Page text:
Handling a Vacation Home In Wills and Trusts Administration in Cobb County

Handling a Vacation Home In Wills and Trusts Administration in Cobb County

Wills and trusts administration lawyers in Cobb County, Georgia, often have the opportunity to work with local families who—in addition to planning for their regular home—also have a vacation home to take into consideration during the planning process. While you might think that real estate prices or the vacation home’s location would be the driving forces behind putting it through the wills and trusts administration process, there are actually other, highly compelling reasons.

Vacation homes don’t just come with the baggage you pack to spend a family holiday on the lake, in the woods, or on the coast; they also come with a lot of emotional history. By working with a wills and trusts administration lawyer, those leaving the vacation home behind can take this history into consideration. They may be best served to really spend some time taking their heirs’ perspectives into consideration when determining how the home should be handled.

For some family members, the vacation home may be an important part of family history, full of memories and personal rites of passage. These folks might prefer that the property be safeguarded in some sort of trust or passed as-is to heirs in a will. On the other hand, there may be family members who are less emotionally attached to the home and see it as their parents’ investment in a stable financial future. These family members would be more inclined to sell the property and share the proceeds.

There are plenty of other aspects of the situation that the original owners would want to explore with a wills and trusts administration lawyer in Marietta GA. For example, would any potential heirs be financially able to maintain the property, pay taxes on it, etc? If not, then it may be time to consider either selling the vacation home or finding a means to fund the trust so it can meet these obligations.

Other thoughts to keep in mind:

  • Do heirs live close enough to the vacation home to actually use it?
  • Could you leave the vacation home to those who would most appreciate it and balance that with a different inheritance for others?
  • Is there someone you could name as a trustee who could oversee the property on behalf of the trust?
  • Would it be possible for some family members to buy others out of their portion of the property?
  • Could the property be rented out when not in use by family members as a way to support its own upkeep?

Because there are so many variables that can come into play—money, grief, family tension, tradition, etc., etc., dealing with a vacation property during estate planning is something that is probably best done under the guidance of an experienced wills and trusts administration lawyer in Marietta.

For additional questions about estate planning or wills and trust administration in Georgia or to speak with a will or trust lawyer, contact our office at 770-421-0808 for assistance.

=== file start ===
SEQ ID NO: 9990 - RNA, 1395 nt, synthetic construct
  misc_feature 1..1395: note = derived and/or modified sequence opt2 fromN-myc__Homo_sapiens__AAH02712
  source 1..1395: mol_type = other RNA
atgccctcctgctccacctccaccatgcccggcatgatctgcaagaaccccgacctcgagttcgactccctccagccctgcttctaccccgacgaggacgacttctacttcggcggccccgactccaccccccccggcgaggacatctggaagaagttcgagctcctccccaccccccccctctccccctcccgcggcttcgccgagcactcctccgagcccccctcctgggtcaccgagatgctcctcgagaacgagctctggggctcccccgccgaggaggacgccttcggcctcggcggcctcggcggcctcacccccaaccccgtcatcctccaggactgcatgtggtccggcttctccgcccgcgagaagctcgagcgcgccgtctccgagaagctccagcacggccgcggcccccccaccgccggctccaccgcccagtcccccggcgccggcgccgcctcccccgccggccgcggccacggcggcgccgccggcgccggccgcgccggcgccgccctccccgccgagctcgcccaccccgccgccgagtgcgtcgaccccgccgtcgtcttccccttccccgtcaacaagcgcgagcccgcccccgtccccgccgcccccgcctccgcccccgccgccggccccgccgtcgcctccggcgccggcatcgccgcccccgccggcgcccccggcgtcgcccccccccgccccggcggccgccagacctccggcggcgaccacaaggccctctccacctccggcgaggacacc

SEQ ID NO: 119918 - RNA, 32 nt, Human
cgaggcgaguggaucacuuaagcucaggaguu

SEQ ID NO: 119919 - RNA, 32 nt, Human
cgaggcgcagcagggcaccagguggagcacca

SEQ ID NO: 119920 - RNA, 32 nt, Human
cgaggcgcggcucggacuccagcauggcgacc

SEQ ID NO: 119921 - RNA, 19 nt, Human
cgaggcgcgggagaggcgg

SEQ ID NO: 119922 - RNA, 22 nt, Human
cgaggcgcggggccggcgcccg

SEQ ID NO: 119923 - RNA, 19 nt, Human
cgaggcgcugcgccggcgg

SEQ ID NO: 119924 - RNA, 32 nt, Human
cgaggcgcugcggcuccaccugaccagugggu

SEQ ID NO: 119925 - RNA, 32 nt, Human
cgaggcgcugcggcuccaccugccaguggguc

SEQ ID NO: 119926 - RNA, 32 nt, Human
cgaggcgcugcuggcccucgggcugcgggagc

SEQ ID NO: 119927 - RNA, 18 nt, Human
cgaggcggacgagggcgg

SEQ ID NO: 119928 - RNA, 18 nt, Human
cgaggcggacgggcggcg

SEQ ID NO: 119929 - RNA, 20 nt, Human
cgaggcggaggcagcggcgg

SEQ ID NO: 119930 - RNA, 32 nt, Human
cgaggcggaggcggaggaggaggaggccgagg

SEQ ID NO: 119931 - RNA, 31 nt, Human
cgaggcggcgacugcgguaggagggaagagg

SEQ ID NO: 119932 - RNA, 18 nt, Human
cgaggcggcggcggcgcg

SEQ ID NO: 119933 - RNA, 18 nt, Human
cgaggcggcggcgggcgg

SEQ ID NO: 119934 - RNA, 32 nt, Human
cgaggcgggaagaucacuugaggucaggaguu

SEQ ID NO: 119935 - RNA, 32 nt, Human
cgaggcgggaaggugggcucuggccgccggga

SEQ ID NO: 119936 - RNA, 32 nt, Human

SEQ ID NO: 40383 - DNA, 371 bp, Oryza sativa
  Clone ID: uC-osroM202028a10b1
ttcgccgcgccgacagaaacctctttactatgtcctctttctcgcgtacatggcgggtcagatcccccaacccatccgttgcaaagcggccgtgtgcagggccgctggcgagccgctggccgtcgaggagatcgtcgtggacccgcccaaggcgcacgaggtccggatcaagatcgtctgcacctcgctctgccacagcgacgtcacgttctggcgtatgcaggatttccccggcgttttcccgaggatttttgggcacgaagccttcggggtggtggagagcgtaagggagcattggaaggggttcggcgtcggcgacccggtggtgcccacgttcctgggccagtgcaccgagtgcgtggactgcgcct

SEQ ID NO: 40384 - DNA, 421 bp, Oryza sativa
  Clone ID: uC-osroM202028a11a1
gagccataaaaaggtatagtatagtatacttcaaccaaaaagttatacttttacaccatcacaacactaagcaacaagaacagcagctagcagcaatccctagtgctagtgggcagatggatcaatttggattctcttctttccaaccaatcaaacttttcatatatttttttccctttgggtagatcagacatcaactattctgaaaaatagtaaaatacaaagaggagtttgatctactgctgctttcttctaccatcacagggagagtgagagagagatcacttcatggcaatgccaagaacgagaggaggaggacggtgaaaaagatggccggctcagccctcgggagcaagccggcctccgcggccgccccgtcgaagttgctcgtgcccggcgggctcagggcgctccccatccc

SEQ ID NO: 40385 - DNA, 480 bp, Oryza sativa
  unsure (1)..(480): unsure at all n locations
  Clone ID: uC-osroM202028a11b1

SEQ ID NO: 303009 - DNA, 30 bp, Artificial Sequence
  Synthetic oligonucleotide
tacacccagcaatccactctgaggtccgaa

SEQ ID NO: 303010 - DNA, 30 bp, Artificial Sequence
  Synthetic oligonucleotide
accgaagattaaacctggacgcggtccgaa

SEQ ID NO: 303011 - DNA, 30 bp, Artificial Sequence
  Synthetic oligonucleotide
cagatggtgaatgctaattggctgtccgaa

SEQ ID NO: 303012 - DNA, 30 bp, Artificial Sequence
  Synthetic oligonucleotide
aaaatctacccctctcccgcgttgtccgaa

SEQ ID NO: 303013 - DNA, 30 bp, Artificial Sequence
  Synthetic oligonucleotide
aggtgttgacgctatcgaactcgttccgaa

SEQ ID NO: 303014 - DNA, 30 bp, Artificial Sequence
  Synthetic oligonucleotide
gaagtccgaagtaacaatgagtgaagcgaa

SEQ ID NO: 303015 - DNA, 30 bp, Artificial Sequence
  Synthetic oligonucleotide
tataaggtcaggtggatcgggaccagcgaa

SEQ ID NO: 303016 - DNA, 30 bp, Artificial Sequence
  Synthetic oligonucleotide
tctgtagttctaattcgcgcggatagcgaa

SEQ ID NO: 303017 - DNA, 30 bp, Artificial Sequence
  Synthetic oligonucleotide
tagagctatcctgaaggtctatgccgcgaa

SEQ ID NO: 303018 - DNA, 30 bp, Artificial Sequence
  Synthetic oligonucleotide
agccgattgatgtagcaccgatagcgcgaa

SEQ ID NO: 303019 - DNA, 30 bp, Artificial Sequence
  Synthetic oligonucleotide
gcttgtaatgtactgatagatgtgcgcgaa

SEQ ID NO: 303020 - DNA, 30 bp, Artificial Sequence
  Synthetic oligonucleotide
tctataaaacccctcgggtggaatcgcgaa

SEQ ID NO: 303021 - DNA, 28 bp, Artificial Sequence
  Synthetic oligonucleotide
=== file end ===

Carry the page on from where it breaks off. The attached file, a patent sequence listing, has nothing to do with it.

Marietta Guardianship Lawyer Answers, “Will My Ex Get My Kids If Something Happens To Me?”

Marietta Guardianship Lawyer Answers, “Will My Ex Get My Kids If Something Happens To Me?”

The short answer is: it depends.

This is a question we Marietta Guardianship Lawyers get a lot, and one we typically discuss at length with non-married parents during our planning sessions.  When one of the parties of a divorce decree dies, this will end the custody agreement because there’s no longer anything to govern. In most cases, custody usually reverts to the surviving parent.

An exception to this is when one of the parent’s rights to the children has been terminated. If this is the case, third-parties, such as grandparents, may be allowed to intervene. Grandparents can also intervene if they believe the surviving parent is not able to care for the children. The burden of proof would fall on the grandparents to demonstrate that the surviving biological parent is unfit and that the best interest of the children would be better served by the third party having custody They would have to go through a lengthy custody proceeding that can be stressful on everyone – especially the children.

But, this can all be avoided…

The custodial parent can make it easier for grandparents (or other relatives) to step in after their passing with just a few estate planning steps. For starters, they can name an alternative guardian for the children in their will or trust. They can further explain their reasons for the nomination and why they believe the other parent is unfit.

Of course this doesn’t guarantee that the court will allow the guardianship, but it will certainly be a factor in the court’s decision. If the court approves the nomination of a guardian, it doesn’t sever the parental rights of the surviving parent; it simply states that the children will live with the nominated guardian instead.

The bottom line is that if you believe that your ex-spouse is not fit to raise your children, it is critical that you take the steps now to put an estate plan and guardian nominations in place that will be in the best interest of the kids should something happen to you. Call us now at 770-421-0808 to set an appointment with an experienced Marietta guardianship attorney if you need assistance getting started.